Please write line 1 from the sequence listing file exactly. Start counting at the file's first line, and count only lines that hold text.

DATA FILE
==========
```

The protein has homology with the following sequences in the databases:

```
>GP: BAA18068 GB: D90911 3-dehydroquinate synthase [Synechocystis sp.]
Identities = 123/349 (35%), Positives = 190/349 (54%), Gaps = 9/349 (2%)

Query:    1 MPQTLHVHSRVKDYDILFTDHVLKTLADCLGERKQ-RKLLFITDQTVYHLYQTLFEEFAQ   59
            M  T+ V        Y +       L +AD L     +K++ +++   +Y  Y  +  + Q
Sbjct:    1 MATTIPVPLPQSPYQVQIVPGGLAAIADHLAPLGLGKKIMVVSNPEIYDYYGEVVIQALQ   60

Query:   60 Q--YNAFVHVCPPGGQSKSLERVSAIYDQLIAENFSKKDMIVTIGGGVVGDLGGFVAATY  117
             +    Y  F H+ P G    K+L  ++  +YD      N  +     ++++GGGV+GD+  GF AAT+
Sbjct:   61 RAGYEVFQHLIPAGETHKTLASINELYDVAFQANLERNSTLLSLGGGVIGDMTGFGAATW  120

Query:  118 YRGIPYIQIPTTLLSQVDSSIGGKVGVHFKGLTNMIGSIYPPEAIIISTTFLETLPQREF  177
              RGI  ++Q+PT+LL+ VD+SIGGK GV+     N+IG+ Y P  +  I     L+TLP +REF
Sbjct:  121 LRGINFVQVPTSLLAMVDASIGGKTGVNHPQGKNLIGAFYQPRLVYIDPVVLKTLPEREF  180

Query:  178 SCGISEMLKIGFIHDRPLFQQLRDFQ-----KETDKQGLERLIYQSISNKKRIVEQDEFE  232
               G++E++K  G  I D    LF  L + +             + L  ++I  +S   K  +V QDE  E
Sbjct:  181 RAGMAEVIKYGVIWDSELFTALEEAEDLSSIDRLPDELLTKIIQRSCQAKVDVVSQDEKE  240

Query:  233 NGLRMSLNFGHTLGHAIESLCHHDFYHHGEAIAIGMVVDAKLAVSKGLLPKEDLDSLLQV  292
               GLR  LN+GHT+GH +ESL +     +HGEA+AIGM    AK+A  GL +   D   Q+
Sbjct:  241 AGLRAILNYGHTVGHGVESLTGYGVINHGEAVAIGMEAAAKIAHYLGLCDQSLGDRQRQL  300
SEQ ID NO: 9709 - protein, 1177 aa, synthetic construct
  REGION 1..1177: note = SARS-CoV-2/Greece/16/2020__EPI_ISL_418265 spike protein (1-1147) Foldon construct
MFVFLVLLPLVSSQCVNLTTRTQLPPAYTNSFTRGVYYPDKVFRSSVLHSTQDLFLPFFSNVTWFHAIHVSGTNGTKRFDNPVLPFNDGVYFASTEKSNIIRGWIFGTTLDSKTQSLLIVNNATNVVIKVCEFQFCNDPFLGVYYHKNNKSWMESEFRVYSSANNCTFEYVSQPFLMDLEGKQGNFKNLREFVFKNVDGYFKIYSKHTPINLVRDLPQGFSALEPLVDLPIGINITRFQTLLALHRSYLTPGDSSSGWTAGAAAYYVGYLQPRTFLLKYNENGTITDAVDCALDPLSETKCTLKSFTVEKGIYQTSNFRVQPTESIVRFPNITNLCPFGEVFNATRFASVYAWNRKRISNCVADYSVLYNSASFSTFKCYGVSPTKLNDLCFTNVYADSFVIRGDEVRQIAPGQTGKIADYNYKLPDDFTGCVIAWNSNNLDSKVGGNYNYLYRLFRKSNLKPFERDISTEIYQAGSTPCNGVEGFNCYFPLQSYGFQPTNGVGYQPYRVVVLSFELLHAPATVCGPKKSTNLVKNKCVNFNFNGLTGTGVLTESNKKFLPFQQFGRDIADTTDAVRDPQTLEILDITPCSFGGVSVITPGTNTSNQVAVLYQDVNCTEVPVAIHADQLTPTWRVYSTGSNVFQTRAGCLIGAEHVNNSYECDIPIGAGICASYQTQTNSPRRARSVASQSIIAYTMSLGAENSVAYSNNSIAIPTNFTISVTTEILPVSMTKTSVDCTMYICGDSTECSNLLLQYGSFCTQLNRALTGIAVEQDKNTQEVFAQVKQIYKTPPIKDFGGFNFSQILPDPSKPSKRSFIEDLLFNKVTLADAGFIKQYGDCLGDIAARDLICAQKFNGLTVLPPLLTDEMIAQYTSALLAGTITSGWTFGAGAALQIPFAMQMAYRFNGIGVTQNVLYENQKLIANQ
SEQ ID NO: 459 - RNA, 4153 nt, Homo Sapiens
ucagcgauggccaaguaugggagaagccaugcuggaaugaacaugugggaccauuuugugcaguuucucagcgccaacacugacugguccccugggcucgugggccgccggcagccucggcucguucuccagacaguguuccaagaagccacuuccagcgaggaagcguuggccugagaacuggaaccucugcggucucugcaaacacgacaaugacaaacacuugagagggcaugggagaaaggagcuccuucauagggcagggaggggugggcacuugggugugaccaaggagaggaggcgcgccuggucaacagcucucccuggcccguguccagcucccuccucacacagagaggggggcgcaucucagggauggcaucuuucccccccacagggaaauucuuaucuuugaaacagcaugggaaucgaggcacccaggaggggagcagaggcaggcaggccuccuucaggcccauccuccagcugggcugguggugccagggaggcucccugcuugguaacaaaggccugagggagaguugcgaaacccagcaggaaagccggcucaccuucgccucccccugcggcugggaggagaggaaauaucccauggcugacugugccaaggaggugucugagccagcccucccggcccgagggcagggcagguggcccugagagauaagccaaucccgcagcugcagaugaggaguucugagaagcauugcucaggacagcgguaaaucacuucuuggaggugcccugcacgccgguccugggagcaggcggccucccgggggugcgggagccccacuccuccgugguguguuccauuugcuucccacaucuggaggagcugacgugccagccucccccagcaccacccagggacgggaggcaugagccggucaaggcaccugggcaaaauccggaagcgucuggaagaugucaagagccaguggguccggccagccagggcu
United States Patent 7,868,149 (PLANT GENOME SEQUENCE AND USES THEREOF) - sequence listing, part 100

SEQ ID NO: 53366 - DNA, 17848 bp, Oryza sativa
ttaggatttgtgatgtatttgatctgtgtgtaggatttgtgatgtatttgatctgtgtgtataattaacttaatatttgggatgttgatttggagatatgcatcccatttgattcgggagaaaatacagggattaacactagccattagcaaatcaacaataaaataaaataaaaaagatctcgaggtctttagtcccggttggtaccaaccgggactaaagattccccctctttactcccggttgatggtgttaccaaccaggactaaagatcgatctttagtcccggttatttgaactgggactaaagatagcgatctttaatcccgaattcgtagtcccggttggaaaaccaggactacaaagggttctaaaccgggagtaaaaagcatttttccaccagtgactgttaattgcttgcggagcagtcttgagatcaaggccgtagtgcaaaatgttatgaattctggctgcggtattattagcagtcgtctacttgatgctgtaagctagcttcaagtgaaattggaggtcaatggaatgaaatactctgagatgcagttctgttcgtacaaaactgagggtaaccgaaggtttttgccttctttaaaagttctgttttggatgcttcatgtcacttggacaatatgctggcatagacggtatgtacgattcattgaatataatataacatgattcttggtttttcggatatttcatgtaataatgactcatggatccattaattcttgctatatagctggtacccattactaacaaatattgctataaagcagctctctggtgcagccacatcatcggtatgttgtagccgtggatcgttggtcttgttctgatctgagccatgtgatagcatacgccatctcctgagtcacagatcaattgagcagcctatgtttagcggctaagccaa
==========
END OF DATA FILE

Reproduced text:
```